How do Libraries Evaluate Social Value? A Review of the Research Literature


Our Literature Review on evaluating the social value of libraries has arrived!

As new Prime Minster Boris Johnson recently said, libraries are part of the ‘vital social and cultural infrastructure‘ that makes our communities vibrant places to live and work.  But how can libraries learn to evaluate this important but hard-to-measure impact in all its diversity and richness?    Download our report to find out what the academic literature reveals on the means by which libraries in the UK and elsewhere are choosing to assess and evidence their ‘social value’.




Download our FREE Action Learning Toolkit to support change agents in your organization

Action Learning has underpinned the success of the Unlimited Value research project. The Arts Council England funding has enabled us to develop a toolkit which can help your organization embed and benefit from the principles of Action Learning.

You can download this toolkit here:  Action Learning Toolkit - Unlimited Value

This short and practical guide will be useful for participant, facilitators and line managers.  It includes information on:

  • The principles of Action Learning, its origins and uses.
  • A breakdown of ‘what happens’ in Action Learning Sets and how they work.
  • A guide to the closed and open questioning techniques that help participants provide one another with valuable peer support.
  • Guidance on supporting virtual and ‘in person’ Action Learning.
  • Recommendations for additional reading, and information sources.

‘It’s changed my life’ – participant feedback on Action Learning as Leadership Development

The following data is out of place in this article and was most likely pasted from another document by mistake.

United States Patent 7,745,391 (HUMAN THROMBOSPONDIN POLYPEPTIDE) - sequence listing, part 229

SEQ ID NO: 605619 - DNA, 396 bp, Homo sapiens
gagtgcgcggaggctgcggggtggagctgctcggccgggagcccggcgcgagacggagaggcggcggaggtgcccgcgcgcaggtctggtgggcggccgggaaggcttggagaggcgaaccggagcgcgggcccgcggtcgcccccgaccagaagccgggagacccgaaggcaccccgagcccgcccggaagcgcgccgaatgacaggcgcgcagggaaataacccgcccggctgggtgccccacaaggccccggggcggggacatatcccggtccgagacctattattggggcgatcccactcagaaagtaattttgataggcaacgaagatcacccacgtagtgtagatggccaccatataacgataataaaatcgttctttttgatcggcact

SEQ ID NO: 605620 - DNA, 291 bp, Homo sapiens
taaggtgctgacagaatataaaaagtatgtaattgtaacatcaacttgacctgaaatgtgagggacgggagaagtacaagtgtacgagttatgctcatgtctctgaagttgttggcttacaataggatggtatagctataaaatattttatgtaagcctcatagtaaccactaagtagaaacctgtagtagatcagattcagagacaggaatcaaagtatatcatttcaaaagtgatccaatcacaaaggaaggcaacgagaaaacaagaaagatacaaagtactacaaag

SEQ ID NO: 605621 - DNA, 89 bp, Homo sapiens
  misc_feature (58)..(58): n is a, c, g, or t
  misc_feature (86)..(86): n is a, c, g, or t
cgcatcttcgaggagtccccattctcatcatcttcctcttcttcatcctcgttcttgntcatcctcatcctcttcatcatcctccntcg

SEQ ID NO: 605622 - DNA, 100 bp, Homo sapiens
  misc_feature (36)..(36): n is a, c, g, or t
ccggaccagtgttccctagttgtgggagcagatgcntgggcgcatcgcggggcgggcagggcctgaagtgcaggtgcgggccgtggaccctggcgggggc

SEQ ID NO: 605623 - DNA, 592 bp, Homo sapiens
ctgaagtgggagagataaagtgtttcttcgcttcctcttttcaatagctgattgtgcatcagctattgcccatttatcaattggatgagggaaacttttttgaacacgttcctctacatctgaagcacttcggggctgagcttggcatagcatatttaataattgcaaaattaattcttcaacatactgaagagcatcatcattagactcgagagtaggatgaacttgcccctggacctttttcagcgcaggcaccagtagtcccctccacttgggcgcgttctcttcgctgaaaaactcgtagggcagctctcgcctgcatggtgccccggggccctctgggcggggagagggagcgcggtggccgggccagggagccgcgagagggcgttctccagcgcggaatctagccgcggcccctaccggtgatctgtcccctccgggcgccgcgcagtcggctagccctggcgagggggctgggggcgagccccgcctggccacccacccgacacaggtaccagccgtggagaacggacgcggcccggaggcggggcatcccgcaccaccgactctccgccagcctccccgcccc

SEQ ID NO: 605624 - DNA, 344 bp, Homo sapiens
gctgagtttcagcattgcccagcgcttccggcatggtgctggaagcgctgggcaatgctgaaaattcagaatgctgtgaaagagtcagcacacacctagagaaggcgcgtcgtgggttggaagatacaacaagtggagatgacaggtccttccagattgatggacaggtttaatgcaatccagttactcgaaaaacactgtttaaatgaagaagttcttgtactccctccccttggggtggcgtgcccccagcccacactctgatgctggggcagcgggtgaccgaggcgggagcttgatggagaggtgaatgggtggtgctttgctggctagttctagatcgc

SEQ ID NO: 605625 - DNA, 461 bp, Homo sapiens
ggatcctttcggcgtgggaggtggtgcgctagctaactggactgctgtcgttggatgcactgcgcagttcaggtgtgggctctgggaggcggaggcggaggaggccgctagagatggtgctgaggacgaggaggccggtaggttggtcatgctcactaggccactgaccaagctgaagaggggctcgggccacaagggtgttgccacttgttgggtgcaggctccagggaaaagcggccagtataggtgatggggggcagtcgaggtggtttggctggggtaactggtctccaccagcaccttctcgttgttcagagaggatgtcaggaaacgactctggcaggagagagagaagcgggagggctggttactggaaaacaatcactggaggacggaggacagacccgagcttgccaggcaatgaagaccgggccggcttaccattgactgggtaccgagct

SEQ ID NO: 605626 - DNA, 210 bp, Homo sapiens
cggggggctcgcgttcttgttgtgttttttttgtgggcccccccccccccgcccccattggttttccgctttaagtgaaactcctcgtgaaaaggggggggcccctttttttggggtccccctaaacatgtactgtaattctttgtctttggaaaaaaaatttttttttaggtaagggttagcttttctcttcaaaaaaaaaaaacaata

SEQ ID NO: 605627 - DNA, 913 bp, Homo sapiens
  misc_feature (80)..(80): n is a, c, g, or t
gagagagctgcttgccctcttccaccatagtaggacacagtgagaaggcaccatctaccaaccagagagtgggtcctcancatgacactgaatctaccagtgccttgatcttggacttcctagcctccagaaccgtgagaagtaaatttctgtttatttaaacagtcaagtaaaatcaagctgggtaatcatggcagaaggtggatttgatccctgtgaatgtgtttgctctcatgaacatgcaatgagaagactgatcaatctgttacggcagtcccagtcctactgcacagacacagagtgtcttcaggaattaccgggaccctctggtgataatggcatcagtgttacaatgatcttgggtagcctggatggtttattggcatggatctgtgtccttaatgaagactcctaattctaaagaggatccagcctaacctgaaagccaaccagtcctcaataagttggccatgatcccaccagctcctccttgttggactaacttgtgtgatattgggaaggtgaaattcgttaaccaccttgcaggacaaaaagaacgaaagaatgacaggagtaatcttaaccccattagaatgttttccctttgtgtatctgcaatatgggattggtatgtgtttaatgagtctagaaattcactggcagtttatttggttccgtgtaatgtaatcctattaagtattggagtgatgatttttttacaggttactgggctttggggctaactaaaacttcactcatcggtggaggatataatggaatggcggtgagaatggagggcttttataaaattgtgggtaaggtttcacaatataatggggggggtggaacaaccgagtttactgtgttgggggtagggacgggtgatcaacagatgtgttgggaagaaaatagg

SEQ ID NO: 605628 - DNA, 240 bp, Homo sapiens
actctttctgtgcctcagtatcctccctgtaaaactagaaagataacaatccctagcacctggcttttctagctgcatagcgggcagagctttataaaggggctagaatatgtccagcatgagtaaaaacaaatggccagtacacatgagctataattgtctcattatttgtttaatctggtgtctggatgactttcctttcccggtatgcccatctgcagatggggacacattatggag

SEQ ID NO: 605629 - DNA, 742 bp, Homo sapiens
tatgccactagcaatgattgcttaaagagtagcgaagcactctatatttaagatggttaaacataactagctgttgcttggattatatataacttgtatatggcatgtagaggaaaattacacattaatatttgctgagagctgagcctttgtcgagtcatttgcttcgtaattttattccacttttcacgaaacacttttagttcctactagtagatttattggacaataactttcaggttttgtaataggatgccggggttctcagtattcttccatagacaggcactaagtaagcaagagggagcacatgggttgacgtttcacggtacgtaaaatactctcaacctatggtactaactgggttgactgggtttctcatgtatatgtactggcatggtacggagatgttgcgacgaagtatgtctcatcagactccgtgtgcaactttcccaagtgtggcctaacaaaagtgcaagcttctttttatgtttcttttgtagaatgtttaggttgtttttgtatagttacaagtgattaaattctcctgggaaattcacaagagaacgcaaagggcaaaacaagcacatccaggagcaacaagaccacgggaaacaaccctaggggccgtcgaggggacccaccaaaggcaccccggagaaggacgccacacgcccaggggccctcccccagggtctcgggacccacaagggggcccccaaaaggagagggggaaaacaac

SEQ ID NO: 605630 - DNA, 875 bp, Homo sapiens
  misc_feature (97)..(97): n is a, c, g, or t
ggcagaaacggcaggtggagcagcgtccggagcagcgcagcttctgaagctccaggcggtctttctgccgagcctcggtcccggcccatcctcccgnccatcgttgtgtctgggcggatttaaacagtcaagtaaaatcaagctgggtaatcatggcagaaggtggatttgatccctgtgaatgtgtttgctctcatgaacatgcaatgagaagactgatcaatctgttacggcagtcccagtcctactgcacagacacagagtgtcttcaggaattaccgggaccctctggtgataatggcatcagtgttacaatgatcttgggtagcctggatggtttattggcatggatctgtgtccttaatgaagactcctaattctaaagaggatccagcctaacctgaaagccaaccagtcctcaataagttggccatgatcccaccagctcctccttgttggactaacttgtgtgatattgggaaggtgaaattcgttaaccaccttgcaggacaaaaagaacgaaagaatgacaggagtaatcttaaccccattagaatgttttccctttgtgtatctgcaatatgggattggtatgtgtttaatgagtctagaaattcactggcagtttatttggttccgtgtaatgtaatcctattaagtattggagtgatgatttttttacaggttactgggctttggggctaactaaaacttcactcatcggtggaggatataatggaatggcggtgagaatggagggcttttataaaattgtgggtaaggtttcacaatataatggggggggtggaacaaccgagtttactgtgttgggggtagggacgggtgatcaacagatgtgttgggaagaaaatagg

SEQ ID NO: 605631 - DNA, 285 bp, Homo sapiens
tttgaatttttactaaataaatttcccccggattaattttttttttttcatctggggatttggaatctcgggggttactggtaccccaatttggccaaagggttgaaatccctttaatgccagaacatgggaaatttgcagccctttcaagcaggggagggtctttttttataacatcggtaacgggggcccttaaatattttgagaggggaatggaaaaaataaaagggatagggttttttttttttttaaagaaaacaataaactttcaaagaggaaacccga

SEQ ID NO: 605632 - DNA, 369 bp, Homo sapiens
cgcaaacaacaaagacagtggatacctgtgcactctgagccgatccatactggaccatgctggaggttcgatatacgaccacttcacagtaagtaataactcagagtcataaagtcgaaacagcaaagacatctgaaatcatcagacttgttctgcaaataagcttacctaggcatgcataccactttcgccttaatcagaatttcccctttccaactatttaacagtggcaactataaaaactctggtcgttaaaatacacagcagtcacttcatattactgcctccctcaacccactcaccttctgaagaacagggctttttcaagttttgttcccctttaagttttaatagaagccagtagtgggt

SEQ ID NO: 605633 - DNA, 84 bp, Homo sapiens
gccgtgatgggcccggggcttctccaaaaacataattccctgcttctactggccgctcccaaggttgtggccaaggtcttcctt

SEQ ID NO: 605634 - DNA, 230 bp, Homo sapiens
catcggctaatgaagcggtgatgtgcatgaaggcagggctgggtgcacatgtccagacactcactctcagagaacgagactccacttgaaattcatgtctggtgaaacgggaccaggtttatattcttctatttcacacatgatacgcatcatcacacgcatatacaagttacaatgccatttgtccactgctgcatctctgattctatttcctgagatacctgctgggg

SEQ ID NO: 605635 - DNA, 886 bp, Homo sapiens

One of the most successful parts of the Arts Council England funded Unlimited Value project has been the Action Learning inspired leadership development programme that informed our  participatory Action Research.  Action Learning is an important leadership development tool because it enables participants to tackle live challenges as they arise, and to help one another develop practical solutions and next steps for tricky issues that are often seen as ‘too difficult’.

Our first Social Value Champions, with the research team and Ciara Eastell, then CEO of Libraries Unlimited, at the first Research Summit.

For some, this experience can be truly transformative:

“I do really think it has changed my life, and I think that if more people had the chance to take part in action learning, it’s got the potential to build a very strong organisation…” (Participant, Social Value Champions Programme, 2018).

Together, the University of Exeter Business School and Libraries Unlimited enlisted a team of Social Value Champions, to work on developing a better understanding of Social Value over time.  The programme centred on 6 action learning sets of up to 4 hours’ duration each, spread over 9 months.  Between meetings, participants also attended research summits, staff conferences, colllaboration days and other training workshops.  The sets provided an important data source for the project, showing the researchers how individuals learn to share new ideas and translate learning into action.  Equally importantly, they helped Libraries Unlimited to embed,  across the organization, a better understanding of how to connect social value to the daily experience of working in frontline library services.